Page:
By Alan White
Looking at the October mortgage modifications (actually 9/25 to 10/25) I noticed that 40% of them were adjustable rate loans with reset dates in the next six months (November to April). Thinking these might be rate freezes, where the servicer agrees to keep the interest rate and payment the same by delaying or cancelling a rate adjustment, I checked the before and after monthly payments. Strangely, only 10% remained the same. About 40% of the mods with imminent rate resets resulted in lower monthly payments, while 50% resulted in current payments being higher than the initial payment.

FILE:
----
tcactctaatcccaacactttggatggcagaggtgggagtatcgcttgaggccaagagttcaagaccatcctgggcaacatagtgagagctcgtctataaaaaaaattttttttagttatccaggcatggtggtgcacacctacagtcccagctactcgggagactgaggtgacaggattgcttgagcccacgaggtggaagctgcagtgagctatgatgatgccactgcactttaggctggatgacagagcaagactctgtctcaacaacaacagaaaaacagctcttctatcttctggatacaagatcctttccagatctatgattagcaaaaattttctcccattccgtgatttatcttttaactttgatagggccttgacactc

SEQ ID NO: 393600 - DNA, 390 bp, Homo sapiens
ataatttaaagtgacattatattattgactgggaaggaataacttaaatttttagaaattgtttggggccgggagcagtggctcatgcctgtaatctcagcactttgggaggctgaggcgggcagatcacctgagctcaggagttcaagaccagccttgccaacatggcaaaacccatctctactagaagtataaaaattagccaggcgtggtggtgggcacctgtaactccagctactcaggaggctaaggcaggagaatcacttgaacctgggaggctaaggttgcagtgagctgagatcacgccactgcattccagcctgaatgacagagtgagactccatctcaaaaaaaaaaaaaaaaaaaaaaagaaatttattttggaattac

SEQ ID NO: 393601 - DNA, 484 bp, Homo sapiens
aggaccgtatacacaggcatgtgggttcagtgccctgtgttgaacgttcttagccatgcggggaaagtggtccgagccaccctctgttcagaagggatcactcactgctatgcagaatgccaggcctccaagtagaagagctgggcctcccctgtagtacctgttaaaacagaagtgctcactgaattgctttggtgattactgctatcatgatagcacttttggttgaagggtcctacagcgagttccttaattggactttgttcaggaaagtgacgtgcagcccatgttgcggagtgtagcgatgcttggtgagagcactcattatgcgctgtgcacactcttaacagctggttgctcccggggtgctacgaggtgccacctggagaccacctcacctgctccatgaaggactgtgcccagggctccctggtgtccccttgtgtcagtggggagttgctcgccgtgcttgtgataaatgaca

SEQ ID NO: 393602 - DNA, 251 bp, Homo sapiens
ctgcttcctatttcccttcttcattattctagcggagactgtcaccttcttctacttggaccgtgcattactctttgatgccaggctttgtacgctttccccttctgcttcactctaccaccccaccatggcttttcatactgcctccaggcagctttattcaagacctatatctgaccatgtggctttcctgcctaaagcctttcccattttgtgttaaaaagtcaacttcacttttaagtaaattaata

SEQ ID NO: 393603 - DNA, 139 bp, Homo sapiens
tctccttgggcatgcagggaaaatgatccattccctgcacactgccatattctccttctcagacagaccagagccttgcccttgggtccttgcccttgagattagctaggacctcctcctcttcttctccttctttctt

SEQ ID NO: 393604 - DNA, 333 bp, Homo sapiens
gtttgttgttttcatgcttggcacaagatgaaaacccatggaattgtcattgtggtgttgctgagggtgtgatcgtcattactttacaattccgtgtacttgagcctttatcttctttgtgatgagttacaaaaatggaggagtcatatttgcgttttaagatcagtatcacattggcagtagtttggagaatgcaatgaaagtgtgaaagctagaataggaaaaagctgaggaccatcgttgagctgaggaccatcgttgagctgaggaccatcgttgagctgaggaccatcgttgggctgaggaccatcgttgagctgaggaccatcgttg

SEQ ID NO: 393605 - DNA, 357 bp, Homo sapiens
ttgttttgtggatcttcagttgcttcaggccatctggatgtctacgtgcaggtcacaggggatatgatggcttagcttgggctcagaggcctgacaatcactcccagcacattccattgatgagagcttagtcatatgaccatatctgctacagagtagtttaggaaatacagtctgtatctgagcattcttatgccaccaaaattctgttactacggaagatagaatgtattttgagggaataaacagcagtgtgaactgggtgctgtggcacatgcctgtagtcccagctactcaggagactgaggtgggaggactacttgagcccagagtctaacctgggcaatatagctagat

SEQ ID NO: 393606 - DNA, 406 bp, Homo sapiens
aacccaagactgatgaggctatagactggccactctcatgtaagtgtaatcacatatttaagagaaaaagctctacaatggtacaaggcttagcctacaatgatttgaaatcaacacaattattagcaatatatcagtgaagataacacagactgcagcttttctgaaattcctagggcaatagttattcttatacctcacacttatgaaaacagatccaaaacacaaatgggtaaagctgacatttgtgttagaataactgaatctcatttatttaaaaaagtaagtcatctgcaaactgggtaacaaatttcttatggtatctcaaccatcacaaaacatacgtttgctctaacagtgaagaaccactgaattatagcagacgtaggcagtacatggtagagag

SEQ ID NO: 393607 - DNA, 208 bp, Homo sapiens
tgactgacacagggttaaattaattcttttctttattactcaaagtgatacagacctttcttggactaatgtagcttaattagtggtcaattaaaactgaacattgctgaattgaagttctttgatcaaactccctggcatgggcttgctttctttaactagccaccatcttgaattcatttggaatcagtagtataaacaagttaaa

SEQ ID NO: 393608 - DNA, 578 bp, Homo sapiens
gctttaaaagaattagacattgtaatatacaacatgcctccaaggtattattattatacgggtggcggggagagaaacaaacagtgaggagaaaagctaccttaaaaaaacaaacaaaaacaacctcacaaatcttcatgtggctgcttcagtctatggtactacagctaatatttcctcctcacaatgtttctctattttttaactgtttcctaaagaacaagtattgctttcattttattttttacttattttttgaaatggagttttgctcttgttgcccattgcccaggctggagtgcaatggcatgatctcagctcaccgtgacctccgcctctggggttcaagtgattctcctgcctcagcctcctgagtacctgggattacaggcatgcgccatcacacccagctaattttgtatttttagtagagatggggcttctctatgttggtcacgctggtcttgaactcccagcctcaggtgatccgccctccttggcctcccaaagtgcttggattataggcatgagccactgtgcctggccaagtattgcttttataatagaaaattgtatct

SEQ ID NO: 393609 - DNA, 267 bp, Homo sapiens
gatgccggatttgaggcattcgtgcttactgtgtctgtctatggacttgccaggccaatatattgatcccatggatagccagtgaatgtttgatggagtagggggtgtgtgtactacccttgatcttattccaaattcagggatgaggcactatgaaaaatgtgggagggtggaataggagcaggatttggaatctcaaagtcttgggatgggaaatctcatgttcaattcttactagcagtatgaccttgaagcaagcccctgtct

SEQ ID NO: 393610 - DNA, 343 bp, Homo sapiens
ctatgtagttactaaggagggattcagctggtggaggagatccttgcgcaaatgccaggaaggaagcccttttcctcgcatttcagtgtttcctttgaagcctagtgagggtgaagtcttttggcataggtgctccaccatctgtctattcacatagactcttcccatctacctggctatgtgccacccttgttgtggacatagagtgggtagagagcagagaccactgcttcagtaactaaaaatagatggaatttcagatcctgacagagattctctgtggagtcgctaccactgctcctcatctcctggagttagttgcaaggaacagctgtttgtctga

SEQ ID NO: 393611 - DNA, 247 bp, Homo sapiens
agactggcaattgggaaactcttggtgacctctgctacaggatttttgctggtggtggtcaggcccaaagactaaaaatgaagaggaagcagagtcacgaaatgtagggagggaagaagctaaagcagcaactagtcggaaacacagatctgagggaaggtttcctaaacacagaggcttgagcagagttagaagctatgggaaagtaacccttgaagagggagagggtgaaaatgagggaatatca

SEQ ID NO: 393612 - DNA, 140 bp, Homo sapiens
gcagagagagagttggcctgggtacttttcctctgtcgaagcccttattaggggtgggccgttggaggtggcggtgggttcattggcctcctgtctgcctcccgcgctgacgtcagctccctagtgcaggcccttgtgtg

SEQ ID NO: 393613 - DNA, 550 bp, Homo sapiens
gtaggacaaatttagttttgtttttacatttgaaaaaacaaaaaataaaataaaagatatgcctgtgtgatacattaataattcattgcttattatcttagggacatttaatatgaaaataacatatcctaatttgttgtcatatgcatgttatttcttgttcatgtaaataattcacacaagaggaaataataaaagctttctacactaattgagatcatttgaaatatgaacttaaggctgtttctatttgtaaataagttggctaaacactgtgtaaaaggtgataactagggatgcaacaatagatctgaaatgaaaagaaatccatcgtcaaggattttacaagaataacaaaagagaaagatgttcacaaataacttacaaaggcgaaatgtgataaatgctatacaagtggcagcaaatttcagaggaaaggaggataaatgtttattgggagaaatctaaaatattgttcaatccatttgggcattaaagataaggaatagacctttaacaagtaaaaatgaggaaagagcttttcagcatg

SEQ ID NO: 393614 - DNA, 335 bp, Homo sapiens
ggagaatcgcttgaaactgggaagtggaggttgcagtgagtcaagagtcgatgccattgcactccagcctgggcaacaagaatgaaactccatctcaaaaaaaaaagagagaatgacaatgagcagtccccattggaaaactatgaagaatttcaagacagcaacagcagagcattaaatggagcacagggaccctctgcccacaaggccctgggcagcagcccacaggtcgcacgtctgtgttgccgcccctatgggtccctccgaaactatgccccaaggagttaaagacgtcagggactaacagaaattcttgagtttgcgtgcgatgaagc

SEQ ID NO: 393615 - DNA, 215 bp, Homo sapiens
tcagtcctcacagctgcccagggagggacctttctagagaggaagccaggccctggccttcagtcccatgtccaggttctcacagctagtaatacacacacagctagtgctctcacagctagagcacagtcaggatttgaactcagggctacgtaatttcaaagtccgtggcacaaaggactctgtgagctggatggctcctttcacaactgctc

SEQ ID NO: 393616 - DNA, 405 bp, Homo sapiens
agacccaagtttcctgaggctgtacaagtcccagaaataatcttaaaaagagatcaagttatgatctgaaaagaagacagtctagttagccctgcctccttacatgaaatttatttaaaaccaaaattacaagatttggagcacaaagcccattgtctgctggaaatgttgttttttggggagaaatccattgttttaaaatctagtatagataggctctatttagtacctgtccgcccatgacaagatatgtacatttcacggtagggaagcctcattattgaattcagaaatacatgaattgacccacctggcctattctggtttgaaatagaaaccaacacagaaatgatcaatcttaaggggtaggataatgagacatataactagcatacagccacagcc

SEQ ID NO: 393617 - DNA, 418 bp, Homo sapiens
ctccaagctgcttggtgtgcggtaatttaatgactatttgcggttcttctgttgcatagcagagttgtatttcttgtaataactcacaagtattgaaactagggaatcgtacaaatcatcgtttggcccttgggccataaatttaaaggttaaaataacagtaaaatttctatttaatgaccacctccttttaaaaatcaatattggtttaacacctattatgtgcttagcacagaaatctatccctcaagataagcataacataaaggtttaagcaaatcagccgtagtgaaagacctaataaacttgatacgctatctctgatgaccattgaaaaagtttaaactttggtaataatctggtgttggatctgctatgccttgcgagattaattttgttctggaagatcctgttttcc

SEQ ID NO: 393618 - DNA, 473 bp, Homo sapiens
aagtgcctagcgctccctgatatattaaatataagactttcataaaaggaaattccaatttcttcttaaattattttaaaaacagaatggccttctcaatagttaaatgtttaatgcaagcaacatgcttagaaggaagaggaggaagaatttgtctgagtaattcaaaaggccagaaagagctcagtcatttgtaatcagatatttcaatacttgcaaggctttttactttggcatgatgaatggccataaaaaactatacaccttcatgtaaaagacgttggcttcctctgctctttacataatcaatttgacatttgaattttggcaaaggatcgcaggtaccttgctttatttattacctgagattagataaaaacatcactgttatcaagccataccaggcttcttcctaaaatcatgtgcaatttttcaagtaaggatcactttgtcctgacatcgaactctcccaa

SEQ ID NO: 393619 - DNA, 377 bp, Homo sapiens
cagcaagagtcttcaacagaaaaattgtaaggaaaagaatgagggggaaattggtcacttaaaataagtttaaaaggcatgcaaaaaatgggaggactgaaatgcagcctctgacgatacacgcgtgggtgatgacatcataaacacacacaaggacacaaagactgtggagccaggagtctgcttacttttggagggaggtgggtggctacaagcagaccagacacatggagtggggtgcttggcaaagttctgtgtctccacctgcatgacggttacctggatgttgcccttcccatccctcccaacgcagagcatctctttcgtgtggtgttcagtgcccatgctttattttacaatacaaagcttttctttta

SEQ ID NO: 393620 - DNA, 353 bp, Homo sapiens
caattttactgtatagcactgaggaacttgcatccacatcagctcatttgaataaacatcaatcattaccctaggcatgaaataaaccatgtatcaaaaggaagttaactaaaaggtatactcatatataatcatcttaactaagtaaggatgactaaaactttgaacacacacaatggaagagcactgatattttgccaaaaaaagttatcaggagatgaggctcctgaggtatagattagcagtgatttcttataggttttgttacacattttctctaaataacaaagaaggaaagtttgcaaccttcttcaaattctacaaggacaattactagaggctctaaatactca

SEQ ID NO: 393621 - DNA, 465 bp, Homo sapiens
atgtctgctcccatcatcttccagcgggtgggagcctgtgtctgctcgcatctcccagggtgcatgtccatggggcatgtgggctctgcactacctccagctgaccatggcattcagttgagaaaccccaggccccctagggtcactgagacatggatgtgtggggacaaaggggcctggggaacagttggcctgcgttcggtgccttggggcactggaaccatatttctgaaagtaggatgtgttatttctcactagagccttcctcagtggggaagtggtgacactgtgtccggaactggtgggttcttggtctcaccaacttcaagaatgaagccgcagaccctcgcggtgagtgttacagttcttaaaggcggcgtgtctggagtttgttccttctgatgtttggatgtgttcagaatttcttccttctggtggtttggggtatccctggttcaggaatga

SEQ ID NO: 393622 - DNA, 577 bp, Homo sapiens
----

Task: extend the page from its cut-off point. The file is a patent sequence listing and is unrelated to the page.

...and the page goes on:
Two things seem to be happening. One is that servicers are concentrating some efforts on working with homeowners whose rates are about to adjust, but then are tailoring modifications according to some unknown set of rules. Second, some servicers apparently still prefer to make a bad situation worse by increasing borrowers' monthly payments to recover past arrears.
Meanwhile, JPMorganChase announced today that it will open 24 regional homeowner counseling centers and modify up to 400,000 mortgages in the next two years. JPMorgan is now the owner of not only Chase Mortgage but also Washington Mutual's portfolio of subprime and option-ARMs, as well as Bear Sterns/EMC Mortgage.